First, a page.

The Kodiak Express Safari Express Standard Percussion model!

Lately I've been into the whole muzzleloader hobby and came across the Kodiak Express Safari Express. Wow, what a gun! This has everything a gun has that I'm looking for - a beautiful maple stock, a classic look, and best of all, a HUGE caliber! This muzzleloader is a 72 caliber and shoots 500 grain (500 gram) 0.70 inch patched round balls. Here's the description from the manufacturer Davide-Pedersoli:

The Kodiac Express: In the 19th century the muzzle loading double barrel rifle was the gun for hunting in the wide African and India’s regions. With our Kodiak today, we keep the dream alive for many hunters. Our double express rifle has blued barrels, engraved locks, adjustable rear sight, walnut stock with cheek piece and a small German silver plate to complete with the initials. The Kodiak is used with success during the hunting sessions in Africa and in America and it is considered by the muzzle loading hunters the ideal rifle with its reliable and quick second shot. It is available in various calibers and also in the Kombo version: one rifled barrel and one smooth barrel 12 gauge. On request it can be manufactured with interchangeable 12 gauge barrels.


The Kodiac Express 'Safari Express'
:After about twenty years from its introduction, the Kodiak MK3 is now completed in its range by “Safari Express” new model, 72 caliber, with alloyed steel barrels to shoot round balls weighing 500 grs. On request it can be equipped with interchangeable 10 gauge barrels.


Here's a photo from the manufacturer's website:



Unfortunately this muzzleloader is not legal to hunt with in Colorado during the big game muzzleloader season because of the double barrels. However, I believe that it is legal during the regular rifle season. Even with the relatively high price tag of nearly $1,000, I'm seriously considering purchasing this gun. I'm going to search the internet and post reviews here and try to get a good idea of the pros and cons before I purchase. Stay tuned for more to come!
Here's Cabelas description of the 72 caliber Kodiac Express:

Handling this rifle generates images of exotic places and hunts for dangerous game. It is perfectly capable of handling tricky situations when a quick second shot is needed if your quarry is a whitetail deer or even something larger and more threatening. This high-quality double rifle has barrels regulated to point of aim at 75 yards, fully adjustable double folding rear leaf sights and ramp front, and oil-finished, select European walnut stock. Twist rates are 1 turn in 24" for the 50 and 54 caliber, 1 in 48" for the 58 caliber and 1 in 75" for the 72 caliber. Lock, top tang and trigger guard are polished and engraved.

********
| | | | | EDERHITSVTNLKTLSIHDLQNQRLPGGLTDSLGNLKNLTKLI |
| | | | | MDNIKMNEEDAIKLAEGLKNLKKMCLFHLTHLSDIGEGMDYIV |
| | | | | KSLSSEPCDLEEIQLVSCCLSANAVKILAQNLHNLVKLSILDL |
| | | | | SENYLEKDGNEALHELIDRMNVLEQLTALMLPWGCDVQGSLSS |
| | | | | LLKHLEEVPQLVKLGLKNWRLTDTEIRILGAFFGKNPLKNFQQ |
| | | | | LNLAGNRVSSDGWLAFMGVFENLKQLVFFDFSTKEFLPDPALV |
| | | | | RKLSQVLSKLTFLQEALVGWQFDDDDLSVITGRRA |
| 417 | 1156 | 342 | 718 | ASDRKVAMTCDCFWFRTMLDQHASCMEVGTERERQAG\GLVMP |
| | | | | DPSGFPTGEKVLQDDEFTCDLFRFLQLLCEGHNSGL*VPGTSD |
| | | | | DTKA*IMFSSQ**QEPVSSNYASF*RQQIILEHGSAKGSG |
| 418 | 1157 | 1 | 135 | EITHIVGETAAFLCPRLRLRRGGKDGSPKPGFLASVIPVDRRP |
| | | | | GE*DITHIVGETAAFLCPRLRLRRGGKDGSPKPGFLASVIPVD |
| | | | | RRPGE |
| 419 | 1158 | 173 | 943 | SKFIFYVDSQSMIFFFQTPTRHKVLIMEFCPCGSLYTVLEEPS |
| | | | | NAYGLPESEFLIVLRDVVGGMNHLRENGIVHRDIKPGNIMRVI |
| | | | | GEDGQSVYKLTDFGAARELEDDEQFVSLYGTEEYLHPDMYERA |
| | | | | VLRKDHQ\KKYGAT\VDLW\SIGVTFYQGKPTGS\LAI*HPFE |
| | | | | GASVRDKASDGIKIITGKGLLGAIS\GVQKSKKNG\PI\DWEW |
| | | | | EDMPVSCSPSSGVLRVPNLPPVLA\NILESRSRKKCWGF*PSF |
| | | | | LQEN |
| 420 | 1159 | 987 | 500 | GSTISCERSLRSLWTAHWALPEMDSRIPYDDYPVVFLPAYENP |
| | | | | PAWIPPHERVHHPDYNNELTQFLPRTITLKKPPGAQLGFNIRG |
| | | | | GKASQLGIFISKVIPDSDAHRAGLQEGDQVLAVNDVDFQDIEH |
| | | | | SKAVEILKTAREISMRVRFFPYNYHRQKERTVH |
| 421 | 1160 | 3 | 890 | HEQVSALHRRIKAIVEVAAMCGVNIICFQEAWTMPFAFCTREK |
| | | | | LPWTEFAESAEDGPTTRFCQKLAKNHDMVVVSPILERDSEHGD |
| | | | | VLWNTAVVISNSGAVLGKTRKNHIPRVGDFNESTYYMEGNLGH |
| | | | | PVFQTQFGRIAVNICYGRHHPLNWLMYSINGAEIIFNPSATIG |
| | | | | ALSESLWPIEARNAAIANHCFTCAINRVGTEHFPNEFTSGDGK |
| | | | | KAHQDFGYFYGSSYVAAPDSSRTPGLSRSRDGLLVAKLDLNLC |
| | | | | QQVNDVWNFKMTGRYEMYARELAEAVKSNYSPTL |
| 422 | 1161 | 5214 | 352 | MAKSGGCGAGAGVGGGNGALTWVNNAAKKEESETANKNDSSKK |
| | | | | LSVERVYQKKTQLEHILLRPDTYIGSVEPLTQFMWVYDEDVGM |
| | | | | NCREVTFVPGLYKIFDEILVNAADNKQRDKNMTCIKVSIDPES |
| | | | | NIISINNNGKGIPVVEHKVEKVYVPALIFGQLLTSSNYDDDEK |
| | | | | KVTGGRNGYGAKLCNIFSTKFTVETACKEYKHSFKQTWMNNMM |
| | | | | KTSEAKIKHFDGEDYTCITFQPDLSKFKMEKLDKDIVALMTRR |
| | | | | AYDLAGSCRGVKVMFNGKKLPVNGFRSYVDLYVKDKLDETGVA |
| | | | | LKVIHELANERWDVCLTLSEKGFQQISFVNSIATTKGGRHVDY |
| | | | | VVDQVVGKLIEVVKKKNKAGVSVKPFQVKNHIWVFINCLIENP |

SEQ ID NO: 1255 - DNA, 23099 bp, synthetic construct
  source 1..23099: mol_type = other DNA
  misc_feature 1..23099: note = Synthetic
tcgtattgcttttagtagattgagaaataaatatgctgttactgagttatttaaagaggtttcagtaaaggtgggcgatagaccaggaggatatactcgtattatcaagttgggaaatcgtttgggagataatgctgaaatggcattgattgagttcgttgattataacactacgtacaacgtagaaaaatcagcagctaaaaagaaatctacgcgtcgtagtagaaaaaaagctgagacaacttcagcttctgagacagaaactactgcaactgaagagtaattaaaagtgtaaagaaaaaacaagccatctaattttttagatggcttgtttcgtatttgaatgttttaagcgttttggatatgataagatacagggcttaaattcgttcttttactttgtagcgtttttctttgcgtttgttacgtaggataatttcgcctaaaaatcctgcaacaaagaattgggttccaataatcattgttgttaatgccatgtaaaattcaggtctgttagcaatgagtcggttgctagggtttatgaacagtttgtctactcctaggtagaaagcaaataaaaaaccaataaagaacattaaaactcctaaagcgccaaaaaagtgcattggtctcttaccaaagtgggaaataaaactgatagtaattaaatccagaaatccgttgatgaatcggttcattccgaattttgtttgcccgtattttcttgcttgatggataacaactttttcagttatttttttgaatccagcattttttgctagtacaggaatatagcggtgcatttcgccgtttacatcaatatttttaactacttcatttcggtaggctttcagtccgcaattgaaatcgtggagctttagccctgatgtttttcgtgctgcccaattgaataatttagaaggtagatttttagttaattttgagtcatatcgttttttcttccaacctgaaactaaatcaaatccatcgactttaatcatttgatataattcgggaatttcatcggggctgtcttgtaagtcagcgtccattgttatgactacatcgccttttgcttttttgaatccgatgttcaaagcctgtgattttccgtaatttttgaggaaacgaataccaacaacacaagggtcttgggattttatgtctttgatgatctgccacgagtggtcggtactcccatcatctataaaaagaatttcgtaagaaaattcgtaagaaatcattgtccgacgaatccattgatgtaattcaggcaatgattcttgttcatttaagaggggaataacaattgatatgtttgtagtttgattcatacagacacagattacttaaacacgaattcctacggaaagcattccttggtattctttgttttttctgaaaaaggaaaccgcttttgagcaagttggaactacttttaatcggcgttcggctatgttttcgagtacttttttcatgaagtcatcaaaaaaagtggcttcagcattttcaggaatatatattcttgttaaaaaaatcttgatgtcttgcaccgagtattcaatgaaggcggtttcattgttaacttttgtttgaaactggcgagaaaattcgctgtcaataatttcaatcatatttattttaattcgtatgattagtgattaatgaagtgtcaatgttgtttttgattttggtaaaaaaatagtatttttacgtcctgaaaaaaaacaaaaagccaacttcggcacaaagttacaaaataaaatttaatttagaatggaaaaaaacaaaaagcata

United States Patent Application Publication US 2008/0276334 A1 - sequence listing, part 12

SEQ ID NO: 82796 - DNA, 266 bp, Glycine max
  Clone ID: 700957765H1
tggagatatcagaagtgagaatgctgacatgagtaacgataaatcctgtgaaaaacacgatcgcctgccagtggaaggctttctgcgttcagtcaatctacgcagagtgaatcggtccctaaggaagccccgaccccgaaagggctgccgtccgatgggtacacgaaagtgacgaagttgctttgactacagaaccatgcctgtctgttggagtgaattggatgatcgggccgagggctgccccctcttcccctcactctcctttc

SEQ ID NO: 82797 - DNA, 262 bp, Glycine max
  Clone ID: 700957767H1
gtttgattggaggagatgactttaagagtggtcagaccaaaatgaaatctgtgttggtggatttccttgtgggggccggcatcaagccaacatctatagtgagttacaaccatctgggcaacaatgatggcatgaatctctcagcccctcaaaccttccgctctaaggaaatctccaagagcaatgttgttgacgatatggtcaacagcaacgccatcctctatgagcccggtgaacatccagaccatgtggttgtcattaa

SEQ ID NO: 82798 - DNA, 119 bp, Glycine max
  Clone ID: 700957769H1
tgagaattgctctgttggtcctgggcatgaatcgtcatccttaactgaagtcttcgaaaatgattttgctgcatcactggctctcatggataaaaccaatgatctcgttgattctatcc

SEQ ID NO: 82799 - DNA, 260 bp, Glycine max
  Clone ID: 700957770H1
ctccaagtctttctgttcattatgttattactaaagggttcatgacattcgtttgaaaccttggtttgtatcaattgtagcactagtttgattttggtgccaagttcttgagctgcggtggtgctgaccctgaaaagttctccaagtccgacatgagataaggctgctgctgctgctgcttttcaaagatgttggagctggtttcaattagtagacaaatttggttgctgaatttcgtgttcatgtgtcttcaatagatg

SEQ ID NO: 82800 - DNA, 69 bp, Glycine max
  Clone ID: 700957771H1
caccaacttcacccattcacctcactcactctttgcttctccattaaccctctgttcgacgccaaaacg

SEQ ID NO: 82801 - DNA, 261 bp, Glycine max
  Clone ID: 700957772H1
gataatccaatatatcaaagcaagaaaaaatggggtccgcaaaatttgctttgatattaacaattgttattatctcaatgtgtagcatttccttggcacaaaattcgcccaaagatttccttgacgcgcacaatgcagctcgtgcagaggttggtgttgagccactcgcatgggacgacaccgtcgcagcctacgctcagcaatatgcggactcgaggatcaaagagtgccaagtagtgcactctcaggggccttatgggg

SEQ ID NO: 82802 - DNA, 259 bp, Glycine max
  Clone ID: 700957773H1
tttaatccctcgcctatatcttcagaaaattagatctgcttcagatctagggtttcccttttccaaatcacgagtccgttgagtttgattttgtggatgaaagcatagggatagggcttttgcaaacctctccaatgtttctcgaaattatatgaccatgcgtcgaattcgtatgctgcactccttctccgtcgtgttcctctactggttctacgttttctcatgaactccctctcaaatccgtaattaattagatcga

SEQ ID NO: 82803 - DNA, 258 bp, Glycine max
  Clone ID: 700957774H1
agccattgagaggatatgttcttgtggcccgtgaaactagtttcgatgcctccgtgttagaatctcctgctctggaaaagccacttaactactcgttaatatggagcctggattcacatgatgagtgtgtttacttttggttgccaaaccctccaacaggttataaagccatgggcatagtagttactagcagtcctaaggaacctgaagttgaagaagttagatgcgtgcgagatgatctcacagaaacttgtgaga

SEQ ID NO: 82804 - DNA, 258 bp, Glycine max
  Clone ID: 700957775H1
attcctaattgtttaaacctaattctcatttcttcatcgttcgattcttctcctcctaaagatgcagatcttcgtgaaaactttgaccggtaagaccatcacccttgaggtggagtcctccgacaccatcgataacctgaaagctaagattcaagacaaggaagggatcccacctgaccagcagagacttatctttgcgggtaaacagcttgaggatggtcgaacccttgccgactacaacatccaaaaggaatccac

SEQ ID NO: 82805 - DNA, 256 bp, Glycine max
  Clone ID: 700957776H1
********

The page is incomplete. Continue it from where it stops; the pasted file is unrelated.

Overall length: 45-1/4"
Weight: 9.3 lbs.
Price: $859.99

Keep in mind that this is the Kodiac Express 'Standard', not the 'Safari'. This is evident by the difference seen in the stock as it's not as fancy as the 'Safari'. Here'a a photo from Cabelas:



Here's a photo of the same gun by the manufacturer:



For me the fancy stock is what sells the gun. I wouldn't purchase this unless it was a 'Safari'.
I found this on the internet at http://www.chuckhawks.com/africa_muzzleloaders.htm, WOW is this right? 5000 pounds of energy? A typical 30-06 has about 2900 pounds of energy. OUCH:

"Bullet weight is a fine thing, but frontal diameter is also important. I do not think that having a .50 caliber bullet that is two to three diameters long is nearly as effective as having a round ball of that same weight. Figure out the Taylor knockout value for yourself, using your own ballistics. Our .72 cal rifle has been chronographed at 2,026 fps using Hodgdon Triple Seven. So, the formula goes diameter x weight x velocity divided by 7000. So .715 x 555 x 2026 = 803967.45 divided by 7000 = 114.8. This number tells you how hard the projectile hits. That is a more telling ballistic formula than merely figuring out muzzle energy. As I recall, the above scenario equates out to just short of 5,000 pounds. Pretty potent in its own right."
To compare the 72 caliber to a shotgun slug:

Shotgun Bore Diameter
10-Gauge = Bore Diameter of .775 inches
12-Gauge = Bore Diameter of .729 inches (0.69 inch slug diameter)
16-Gauge = Bore Diameter of .662 inches
20-Gauge = Bore Diameter of .615 inches
28-Gauge = Bore Diameter of .550 inches
67-Gauge = Bore Diameter of .410 inches

Keep in mind that this is not the diameter of the slug itself since it is encased in a plastic case.
Definition of the 'Gauge' scale: For example, a 10-gauge, the largest shotgun bore in common use today, would require 10 lead balls the diameter of the bore to equal one pound.


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